John Garner

PolySciTech P(NIPAM-Co-AM) (Polyvivo AO023) used for drop-on-demand (DOD) printing

Blog Post created by John Garner on Feb 19, 2016

PolySciTech division of Akina, Inc. ( provides a wide array of thermogelling polymers including gels based of off poly(N-isopropylacrylamind-co-acrylamide) (AO023). One application of this is gel printing. Because it is possible to chill the printing head to dispense the cold liquid thermogel below the polymer LCST and then heat the receiver above the polymer LCST so the thermogel sets, there is the possibility to print gel structures. Eventually, this technology can allow for printing structures using thermogels which incorporate living cells into the printed component which could be used to generate living tissues. Recently, researchers at Purdue University utilized PNIPAM from Akina, along with a developed printing system to create a drop-on-demand system for studying the precise thermogel kinetics, dehydration parameters, and fluid-structure interactions for printing thermogels.  Read more: Han, Bumsoo, Gyu Young Yun, J. William Boley, Samuel Haidong Kim, Jun Young Hwang, George T-C. Chiu, and Kinam Park. "Dropwise gelation-dehydration kinetics during drop-on-demand printing of hydrogel-based materials." International Journal of Heat and Mass Transfer 97 (2016): 15-25.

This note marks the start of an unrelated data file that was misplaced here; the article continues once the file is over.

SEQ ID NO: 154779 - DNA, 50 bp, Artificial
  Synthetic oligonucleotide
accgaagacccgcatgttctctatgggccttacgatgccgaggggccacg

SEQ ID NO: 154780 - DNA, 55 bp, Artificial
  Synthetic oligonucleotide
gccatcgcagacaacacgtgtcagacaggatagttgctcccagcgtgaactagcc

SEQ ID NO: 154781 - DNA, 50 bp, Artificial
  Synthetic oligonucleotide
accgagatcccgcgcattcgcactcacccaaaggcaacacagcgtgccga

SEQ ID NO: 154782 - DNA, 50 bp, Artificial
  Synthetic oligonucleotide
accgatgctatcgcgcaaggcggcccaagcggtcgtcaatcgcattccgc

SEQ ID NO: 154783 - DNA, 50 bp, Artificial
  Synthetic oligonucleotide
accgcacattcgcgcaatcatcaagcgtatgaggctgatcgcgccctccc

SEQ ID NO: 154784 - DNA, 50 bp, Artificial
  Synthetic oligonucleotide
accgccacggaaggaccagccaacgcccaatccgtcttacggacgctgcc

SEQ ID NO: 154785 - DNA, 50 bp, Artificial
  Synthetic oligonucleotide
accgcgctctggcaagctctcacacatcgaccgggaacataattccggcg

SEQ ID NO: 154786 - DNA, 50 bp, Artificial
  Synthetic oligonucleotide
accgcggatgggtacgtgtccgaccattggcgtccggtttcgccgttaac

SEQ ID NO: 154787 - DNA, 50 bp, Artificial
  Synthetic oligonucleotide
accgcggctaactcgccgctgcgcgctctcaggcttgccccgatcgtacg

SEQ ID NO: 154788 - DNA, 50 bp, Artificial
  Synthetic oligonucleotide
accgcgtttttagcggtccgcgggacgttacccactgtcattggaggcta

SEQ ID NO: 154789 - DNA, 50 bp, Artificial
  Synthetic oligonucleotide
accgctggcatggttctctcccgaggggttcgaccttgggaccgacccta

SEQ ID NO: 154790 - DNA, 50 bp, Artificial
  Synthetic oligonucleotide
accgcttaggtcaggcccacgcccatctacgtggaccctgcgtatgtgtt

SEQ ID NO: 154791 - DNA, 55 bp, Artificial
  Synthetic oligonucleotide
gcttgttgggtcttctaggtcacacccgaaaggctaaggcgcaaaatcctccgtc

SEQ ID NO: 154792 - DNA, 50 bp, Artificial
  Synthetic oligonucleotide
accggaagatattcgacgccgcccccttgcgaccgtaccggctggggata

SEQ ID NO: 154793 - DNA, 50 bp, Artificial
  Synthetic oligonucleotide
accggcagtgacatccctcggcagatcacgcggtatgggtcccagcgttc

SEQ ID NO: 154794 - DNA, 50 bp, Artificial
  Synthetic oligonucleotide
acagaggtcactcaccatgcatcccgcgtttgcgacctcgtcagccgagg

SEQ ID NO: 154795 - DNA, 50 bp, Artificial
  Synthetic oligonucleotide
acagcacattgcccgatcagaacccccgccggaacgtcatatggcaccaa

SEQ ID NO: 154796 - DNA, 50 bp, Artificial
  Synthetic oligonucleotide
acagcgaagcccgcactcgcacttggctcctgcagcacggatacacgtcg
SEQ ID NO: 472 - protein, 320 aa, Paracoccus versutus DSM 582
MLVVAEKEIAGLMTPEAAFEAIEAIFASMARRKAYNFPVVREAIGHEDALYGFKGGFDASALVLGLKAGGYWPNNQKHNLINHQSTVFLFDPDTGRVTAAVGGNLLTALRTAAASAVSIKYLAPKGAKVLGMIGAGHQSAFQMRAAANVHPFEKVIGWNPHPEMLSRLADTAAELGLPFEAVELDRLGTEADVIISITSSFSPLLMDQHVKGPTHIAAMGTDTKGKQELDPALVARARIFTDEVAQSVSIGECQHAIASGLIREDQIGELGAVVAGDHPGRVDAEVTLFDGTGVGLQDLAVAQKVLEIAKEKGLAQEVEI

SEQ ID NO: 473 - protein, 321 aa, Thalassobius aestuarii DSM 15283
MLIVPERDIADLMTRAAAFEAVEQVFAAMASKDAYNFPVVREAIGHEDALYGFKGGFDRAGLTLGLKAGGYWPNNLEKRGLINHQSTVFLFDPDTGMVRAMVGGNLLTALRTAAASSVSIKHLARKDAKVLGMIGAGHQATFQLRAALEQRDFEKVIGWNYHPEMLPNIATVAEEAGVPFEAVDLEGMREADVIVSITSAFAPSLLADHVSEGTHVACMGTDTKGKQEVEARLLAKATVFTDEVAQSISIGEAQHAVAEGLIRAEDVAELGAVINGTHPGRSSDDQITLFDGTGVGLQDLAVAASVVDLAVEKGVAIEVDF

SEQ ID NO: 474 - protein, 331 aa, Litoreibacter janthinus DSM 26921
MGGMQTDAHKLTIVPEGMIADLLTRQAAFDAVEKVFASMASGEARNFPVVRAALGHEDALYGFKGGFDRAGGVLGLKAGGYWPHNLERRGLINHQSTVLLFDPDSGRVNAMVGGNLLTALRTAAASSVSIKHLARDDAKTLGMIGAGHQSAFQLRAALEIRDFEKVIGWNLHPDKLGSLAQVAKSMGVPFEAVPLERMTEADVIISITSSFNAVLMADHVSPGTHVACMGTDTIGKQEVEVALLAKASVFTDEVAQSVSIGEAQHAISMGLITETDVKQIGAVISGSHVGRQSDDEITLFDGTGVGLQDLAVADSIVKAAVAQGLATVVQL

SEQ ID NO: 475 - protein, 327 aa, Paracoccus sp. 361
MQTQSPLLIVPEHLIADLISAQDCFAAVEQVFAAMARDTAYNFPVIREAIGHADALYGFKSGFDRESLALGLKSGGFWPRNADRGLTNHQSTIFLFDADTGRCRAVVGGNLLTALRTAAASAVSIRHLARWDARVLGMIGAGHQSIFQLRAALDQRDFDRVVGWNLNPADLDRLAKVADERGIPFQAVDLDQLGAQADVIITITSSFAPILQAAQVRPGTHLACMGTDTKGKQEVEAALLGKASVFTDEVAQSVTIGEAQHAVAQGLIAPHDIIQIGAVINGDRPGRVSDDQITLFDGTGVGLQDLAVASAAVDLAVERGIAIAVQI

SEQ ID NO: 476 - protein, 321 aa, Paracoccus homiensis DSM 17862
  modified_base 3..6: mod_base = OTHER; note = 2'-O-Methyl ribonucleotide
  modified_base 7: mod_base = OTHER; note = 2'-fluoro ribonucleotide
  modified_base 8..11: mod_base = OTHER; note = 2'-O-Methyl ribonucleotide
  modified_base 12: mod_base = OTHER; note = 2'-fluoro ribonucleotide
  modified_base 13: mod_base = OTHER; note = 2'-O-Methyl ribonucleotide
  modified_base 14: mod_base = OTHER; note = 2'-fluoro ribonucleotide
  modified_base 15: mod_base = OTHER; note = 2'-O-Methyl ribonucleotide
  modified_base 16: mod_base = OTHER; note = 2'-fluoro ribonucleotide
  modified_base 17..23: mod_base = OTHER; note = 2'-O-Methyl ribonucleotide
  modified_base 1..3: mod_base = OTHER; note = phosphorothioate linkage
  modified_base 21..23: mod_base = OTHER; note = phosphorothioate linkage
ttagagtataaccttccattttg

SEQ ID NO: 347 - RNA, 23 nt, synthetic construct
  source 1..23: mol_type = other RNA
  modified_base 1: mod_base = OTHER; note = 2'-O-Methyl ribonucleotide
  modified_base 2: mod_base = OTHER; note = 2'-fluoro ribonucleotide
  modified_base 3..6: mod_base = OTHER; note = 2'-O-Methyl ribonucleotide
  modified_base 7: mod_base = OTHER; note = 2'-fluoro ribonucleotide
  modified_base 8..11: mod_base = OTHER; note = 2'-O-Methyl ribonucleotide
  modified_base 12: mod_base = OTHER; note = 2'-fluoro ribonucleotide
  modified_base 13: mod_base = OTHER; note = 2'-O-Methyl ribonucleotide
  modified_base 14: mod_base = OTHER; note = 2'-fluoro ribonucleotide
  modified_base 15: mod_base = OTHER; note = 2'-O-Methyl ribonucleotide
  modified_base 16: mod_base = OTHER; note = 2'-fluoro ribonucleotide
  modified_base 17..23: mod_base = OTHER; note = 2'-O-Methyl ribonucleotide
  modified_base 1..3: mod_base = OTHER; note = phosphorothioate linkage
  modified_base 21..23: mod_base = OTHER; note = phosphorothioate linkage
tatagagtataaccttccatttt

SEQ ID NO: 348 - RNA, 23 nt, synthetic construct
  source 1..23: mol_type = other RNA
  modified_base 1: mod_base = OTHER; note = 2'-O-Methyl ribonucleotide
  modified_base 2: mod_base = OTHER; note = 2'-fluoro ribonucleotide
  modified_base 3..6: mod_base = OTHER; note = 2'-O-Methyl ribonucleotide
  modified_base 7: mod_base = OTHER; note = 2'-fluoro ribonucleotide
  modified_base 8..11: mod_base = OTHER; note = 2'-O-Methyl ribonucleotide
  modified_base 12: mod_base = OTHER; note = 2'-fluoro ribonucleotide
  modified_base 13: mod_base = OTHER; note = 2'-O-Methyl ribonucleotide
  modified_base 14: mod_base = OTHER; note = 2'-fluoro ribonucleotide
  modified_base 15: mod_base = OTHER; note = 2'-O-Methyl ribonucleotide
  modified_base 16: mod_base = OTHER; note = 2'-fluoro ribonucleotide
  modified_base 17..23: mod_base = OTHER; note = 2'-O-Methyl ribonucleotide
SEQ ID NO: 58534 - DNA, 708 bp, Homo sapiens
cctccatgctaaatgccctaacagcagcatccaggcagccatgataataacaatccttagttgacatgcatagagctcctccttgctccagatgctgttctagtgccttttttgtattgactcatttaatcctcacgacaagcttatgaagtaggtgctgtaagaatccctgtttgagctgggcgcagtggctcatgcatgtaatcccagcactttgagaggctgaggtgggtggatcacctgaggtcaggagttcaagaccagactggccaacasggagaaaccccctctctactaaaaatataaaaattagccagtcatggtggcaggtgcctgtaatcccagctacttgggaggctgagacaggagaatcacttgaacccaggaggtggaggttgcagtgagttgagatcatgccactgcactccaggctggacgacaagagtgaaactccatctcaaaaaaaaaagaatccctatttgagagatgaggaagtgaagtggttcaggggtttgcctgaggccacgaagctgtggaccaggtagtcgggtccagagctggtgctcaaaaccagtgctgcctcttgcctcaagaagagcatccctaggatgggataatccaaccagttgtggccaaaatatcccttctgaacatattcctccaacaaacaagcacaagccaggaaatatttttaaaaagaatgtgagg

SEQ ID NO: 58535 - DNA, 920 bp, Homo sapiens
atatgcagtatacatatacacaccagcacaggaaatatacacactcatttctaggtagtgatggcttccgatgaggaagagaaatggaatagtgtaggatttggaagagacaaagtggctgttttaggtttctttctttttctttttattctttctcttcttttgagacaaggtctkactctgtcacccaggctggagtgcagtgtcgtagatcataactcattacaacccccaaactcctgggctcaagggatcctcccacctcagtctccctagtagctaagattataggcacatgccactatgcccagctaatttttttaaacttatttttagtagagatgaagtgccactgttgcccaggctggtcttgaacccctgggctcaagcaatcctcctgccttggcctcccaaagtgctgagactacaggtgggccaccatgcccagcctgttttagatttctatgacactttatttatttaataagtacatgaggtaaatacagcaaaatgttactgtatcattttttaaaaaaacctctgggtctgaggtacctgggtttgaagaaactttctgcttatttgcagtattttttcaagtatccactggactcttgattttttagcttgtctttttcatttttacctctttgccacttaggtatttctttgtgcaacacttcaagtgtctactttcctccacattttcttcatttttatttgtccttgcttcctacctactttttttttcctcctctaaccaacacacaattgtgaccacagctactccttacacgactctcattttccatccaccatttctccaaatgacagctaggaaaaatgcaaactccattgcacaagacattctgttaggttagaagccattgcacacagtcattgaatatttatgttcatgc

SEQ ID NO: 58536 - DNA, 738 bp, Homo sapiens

“Abstract: The present study aims to characterize and understand the dropwise gelation-dehydration phenomena during drop-on-demand (DOD) printing of hydrogel-based soft materials. Functional soft materials have broader impacts on many medical and engineering applications, but constructing soft materials into three-dimensional (3D) configuration with spatially varying properties is still extremely challenging. In order to establish a mechanistic understanding, a hypothesis was postulated that the porosity of hydrogel printed is determined by dropwise gelation and dehydration phenomena during the printing process. The underlying rationale is that many functional properties of the printed hydrogels are closely associated with the structural characteristics at the sub-droplet and droplet scales, specifically porosity. The porosity of a hydrogel droplet is thought to be determined by intra-droplet fluid–structure interactions during gelation and dehydration. In this study, thus, we characterized the gelation-dehydration and consequent microstructure of thermally responsive poly(N-isopropylacrylamind-co-acrylamide) (PNIPAM) copolymer droplets as a model hydrogel material. The gelation kinetics was studied by differential scanning calorimetry. Both macroscopic and microscopic structures of DOD printed hydrogels were characterized by a 3D profiler and scanning electron microscopy. Furthermore, a theoretical model to explain this complex transport processes was also developed. The results showed that the gelation is a rapid process and its impact is mainly observed at the deposition of droplets. Significant structural shrinkage of the printed hydrogel droplets was induced by dehydration. This shrinkage resulted in spatially varying intra-droplet porosity. A computational model of intra-droplet fluid–structure interactions was developed to explain this spatial variation of intra-droplet porosity. In addition, a new dimensionless parameter is proposed to gauge the significance of evaporation and interstitial water transport in the fluid–structure interactions. Significance of gelation kinetics, dehydration and complex fluid–structure interaction within the droplets was discussed to design a DOD printing process for 3D additive manufacturing of hydrogel-based soft materials. Keywords: Evaporation; Interstitial water transport; Dilatation; Fluid–structure interaction; Consolidation”